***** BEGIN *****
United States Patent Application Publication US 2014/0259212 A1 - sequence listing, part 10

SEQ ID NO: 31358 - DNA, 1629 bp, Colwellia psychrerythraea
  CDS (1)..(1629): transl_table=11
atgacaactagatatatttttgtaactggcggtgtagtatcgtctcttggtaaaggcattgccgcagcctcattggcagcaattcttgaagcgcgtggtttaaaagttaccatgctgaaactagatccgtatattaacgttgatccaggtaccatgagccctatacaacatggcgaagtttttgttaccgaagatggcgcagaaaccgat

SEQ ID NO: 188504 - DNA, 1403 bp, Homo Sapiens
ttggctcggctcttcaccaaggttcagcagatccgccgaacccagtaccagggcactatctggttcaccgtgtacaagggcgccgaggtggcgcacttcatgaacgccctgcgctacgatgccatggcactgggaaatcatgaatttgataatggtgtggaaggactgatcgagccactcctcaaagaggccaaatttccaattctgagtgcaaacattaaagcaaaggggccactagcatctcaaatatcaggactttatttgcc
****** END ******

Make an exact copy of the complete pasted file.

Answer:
United States Patent Application Publication US 2014/0259212 A1 - sequence listing, part 10

SEQ ID NO: 31358 - DNA, 1629 bp, Colwellia psychrerythraea
  CDS (1)..(1629): transl_table=11
atgacaactagatatatttttgtaactggcggtgtagtatcgtctcttggtaaaggcattgccgcagcctcattggcagcaattcttgaagcgcgtggtttaaaagttaccatgctgaaactagatccgtatattaacgttgatccaggtaccatgagccctatacaacatggcgaagtttttgttaccgaagatggcgcagaaaccgat

SEQ ID NO: 188504 - DNA, 1403 bp, Homo Sapiens
ttggctcggctcttcaccaaggttcagcagatccgccgaacccagtaccagggcactatctggttcaccgtgtacaagggcgccgaggtggcgcacttcatgaacgccctgcgctacgatgccatggcactgggaaatcatgaatttgataatggtgtggaaggactgatcgagccactcctcaaagaggccaaatttccaattctgagtgcaaacattaaagcaaaggggccactagcatctcaaatatcaggactttatttgcc